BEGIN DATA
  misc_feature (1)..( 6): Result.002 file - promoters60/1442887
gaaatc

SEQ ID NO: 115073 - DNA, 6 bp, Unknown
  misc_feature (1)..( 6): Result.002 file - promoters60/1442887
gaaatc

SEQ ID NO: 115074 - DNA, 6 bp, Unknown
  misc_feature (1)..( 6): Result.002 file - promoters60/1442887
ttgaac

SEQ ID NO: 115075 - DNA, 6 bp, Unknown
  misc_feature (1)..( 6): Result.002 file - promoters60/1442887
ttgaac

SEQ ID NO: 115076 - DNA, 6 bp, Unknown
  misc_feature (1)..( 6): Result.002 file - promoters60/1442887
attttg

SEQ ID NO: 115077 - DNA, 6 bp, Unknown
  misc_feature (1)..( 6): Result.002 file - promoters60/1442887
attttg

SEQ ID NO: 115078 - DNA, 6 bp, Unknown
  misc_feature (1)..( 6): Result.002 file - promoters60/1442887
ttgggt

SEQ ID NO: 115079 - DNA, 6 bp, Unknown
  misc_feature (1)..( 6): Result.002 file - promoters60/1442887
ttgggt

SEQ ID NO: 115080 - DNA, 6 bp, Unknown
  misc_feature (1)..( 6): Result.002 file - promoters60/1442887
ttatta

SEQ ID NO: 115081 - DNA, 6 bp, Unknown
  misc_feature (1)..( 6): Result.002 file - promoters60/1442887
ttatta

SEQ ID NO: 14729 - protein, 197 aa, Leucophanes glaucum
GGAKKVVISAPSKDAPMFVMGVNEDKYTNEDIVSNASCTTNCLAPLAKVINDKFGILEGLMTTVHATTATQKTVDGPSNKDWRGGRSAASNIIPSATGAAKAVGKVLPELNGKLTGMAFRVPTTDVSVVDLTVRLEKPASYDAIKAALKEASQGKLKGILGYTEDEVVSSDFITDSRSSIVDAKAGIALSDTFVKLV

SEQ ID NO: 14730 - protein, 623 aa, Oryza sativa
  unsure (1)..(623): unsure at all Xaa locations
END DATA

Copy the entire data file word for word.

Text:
  misc_feature (1)..( 6): Result.002 file - promoters60/1442887
gaaatc

SEQ ID NO: 115073 - DNA, 6 bp, Unknown
  misc_feature (1)..( 6): Result.002 file - promoters60/1442887
gaaatc

SEQ ID NO: 115074 - DNA, 6 bp, Unknown
  misc_feature (1)..( 6): Result.002 file - promoters60/1442887
ttgaac

SEQ ID NO: 115075 - DNA, 6 bp, Unknown
  misc_feature (1)..( 6): Result.002 file - promoters60/1442887
ttgaac

SEQ ID NO: 115076 - DNA, 6 bp, Unknown
  misc_feature (1)..( 6): Result.002 file - promoters60/1442887
attttg

SEQ ID NO: 115077 - DNA, 6 bp, Unknown
  misc_feature (1)..( 6): Result.002 file - promoters60/1442887
attttg

SEQ ID NO: 115078 - DNA, 6 bp, Unknown
  misc_feature (1)..( 6): Result.002 file - promoters60/1442887
ttgggt

SEQ ID NO: 115079 - DNA, 6 bp, Unknown
  misc_feature (1)..( 6): Result.002 file - promoters60/1442887
ttgggt

SEQ ID NO: 115080 - DNA, 6 bp, Unknown
  misc_feature (1)..( 6): Result.002 file - promoters60/1442887
ttatta

SEQ ID NO: 115081 - DNA, 6 bp, Unknown
  misc_feature (1)..( 6): Result.002 file - promoters60/1442887
ttatta

SEQ ID NO: 14729 - protein, 197 aa, Leucophanes glaucum
GGAKKVVISAPSKDAPMFVMGVNEDKYTNEDIVSNASCTTNCLAPLAKVINDKFGILEGLMTTVHATTATQKTVDGPSNKDWRGGRSAASNIIPSATGAAKAVGKVLPELNGKLTGMAFRVPTTDVSVVDLTVRLEKPASYDAIKAALKEASQGKLKGILGYTEDEVVSSDFITDSRSSIVDAKAGIALSDTFVKLV

SEQ ID NO: 14730 - protein, 623 aa, Oryza sativa
  unsure (1)..(623): unsure at all Xaa locations